“Flying high” is an expression that lends itself to various interpretations. It may describe a person who has achieved peak prosperity, a plane traveling at elevated altitude, or one’s state of mind after a moment of bliss.
Dominic Thiem frequents all of these experiences. Whether appraising success by dollar signs, wins or trophies, Thiem ticks these boxes with aplomb. A sizable chunk of his life as a tennis player is spent soaring above the clouds to meet the demands of tour life. And he’s felt no shortage of elation, whether it be the Austrian’s debut on the ATP rankings, the first time he defeated a Big Three member, or his long-awaited Grand Slam conquest.
Thiem gets airborne while working, too. After winding his racquet back on the baseline, Thiem is known for getting both of his feet off the ground when unleashing his gale-force forehand. It’s striking to the eye—though admittedly a short takeoff and landing when juxtaposed against ski jumper Gregor Schlierenzauer, who established himself as a legend back home, and hero to Thiem, by mastering the art of flying high.
“They are crazy,” Thiem expressed in an endearing manner during our conversation last September. “I cannot relate to ski jumping, nobody can. Playing tennis, you can do it no matter how good you are. Millions of people play tennis, but you cannot say, ‘I want to go ski jumping tomorrow’, go on a hill and jump down.”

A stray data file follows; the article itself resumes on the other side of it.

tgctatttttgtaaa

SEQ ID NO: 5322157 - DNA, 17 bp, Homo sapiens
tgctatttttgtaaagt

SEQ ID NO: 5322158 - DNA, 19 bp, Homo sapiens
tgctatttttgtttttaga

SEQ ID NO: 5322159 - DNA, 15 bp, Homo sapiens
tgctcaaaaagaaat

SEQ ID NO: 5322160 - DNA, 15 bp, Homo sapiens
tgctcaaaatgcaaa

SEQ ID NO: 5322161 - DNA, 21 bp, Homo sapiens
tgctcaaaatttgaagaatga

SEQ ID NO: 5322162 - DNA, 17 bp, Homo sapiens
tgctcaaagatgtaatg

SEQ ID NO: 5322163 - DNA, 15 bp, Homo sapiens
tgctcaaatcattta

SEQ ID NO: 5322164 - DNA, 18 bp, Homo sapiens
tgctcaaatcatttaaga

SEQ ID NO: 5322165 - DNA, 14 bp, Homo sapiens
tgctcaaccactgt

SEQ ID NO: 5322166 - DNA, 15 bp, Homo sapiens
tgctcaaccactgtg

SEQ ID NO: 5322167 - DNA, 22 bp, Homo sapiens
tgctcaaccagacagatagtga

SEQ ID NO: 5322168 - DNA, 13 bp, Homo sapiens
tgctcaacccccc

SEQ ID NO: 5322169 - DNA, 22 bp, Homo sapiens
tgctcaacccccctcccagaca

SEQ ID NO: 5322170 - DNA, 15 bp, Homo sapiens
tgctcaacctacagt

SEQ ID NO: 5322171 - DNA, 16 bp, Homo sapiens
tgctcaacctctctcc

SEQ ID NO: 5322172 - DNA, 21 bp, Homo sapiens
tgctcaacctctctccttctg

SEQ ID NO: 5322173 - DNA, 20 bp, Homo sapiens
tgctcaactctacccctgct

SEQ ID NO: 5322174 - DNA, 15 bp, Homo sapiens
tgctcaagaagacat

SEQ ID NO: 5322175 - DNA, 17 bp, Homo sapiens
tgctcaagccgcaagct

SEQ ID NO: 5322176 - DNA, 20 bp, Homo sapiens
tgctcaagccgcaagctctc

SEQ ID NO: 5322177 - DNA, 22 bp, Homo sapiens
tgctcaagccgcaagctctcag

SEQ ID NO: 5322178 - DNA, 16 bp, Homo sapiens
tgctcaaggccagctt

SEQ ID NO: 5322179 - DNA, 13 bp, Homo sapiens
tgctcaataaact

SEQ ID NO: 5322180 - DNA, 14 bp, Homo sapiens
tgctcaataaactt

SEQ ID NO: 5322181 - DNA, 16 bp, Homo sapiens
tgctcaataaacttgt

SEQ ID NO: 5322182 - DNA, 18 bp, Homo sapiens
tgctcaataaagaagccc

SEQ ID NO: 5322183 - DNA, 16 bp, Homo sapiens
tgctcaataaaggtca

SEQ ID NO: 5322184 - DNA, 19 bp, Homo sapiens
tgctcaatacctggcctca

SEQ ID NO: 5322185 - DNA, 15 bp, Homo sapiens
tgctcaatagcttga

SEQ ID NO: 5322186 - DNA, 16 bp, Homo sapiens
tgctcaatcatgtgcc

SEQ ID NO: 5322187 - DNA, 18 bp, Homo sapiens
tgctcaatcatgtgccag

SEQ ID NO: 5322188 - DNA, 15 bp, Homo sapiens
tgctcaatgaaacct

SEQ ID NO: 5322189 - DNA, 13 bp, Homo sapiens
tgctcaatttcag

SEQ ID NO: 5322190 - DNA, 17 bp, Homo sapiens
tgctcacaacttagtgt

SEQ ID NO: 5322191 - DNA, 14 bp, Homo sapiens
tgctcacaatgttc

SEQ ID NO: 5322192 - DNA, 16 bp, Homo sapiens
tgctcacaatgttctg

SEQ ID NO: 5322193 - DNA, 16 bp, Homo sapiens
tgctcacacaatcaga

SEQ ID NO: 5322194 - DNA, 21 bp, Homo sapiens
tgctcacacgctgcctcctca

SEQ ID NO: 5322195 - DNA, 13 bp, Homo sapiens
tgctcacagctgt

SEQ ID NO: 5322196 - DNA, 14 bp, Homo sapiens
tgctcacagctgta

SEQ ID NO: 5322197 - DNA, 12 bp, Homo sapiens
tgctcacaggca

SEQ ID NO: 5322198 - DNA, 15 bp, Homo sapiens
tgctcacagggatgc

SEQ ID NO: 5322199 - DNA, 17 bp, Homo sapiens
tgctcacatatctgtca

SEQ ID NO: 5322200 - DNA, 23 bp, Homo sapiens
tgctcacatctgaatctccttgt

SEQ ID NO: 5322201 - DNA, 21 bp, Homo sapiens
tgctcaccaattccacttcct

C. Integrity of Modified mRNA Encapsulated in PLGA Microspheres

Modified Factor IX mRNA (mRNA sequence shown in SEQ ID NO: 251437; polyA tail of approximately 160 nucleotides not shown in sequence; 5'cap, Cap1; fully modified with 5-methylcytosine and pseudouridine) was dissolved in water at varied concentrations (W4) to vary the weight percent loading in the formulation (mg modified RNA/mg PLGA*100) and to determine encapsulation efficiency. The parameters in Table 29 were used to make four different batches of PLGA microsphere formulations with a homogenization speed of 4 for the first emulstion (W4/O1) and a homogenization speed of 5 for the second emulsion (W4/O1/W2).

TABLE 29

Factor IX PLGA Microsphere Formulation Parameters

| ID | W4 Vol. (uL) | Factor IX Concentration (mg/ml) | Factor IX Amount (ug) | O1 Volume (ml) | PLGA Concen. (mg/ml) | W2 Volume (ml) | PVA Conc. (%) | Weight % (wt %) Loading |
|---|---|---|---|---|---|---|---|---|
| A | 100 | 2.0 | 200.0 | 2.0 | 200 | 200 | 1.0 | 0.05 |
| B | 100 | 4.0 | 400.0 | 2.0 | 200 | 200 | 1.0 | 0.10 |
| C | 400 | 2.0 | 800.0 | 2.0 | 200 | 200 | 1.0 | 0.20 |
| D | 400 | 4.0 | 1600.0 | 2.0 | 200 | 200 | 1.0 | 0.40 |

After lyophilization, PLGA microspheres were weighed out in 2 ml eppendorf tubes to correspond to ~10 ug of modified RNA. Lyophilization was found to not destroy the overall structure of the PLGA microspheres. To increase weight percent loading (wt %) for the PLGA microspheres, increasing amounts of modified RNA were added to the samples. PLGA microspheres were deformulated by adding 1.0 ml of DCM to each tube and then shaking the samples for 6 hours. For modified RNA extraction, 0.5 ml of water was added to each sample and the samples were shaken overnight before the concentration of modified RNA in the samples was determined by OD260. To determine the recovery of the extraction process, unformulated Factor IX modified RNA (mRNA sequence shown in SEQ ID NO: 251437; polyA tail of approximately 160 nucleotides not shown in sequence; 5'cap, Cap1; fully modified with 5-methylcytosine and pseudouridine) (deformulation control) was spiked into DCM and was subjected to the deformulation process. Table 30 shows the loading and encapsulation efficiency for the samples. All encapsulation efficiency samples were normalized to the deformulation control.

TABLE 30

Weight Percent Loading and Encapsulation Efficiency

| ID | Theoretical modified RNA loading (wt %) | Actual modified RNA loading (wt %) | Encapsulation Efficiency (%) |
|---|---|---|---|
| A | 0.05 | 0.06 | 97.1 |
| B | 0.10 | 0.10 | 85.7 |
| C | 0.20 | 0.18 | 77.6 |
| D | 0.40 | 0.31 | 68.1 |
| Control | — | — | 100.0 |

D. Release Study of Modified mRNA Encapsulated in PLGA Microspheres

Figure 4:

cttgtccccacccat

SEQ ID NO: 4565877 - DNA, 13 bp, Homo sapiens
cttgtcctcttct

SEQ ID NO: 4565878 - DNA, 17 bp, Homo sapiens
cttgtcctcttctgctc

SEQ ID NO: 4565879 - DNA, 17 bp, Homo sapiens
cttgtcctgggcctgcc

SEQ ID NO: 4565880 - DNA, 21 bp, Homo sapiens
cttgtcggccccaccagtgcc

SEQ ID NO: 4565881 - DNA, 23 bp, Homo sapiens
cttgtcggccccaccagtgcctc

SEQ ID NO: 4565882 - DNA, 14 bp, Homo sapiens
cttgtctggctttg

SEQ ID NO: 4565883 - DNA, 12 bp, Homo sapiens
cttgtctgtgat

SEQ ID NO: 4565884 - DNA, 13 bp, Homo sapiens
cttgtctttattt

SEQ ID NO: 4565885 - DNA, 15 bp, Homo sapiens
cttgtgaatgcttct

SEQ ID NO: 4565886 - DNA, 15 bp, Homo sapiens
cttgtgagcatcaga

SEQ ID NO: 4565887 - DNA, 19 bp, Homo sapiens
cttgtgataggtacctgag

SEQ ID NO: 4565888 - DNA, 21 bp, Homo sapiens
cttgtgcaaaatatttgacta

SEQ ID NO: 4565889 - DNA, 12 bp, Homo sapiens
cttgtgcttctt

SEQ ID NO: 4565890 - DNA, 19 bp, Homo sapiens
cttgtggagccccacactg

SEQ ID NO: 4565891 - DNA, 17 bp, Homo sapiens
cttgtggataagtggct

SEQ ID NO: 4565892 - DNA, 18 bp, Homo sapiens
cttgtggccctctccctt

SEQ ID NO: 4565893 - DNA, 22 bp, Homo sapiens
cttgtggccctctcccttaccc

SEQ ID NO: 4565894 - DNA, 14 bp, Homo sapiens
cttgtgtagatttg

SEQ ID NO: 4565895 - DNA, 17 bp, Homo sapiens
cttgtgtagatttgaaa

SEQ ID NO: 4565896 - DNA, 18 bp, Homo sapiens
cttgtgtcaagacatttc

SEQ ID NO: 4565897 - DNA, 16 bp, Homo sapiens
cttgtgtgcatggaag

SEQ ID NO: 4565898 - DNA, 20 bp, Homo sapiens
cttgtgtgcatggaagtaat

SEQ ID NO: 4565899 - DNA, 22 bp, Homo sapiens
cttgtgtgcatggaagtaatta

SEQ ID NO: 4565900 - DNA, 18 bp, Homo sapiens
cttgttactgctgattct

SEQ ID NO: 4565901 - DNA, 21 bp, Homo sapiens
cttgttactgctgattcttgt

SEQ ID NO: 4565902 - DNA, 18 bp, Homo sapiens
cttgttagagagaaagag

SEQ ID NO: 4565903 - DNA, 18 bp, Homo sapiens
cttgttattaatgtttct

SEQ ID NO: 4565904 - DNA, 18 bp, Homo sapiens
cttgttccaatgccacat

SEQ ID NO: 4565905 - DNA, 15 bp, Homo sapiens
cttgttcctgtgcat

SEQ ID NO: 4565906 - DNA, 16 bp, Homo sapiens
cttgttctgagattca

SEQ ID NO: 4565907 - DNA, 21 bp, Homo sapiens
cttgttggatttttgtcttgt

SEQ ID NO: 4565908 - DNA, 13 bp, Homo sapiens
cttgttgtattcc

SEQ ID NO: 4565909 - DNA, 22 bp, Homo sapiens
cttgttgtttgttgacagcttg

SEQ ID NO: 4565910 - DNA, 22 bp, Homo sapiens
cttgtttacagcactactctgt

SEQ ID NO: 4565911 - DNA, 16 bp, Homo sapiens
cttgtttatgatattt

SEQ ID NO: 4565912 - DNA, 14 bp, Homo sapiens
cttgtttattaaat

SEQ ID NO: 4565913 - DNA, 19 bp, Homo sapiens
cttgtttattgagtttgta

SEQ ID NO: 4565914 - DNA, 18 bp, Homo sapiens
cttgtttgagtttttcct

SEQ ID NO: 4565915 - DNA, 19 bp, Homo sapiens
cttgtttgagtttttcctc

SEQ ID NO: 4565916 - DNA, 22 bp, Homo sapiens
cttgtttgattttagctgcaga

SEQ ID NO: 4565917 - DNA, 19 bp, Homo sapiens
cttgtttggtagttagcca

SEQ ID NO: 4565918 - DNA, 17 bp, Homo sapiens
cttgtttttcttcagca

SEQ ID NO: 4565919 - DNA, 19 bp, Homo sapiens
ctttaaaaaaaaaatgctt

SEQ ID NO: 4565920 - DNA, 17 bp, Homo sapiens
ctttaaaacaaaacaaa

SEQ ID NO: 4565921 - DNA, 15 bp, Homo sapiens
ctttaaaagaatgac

Still, it’s not as if Thiem is wholly unfamiliar with the hair-raising sport.
“I liked it since I was a little kid. I enjoyed watching, I still do now,” Thiem says. “He was the first ski jumper I met in person. When I became better, I started to tell people I want to meet Gregor because I loved to watch him. He’s a super nice guy. We’re quite a lot in contact, actually.”
Schlierenzauer holds the record for 53 individual ski jumping wins on the World Cup circuit. Long before rewriting history, this determined youngster explored his athletic curiosities. A sports junkie, the Innsbruck native immersed himself into skiing, snowboarding, football and tennis, which he took up from the ages of 10 to 14. Despite being entranced by Roger Federer, whose German interviews caught his attention, nothing surmounted the instant connection Schlierenzauer felt when he flew for the first time.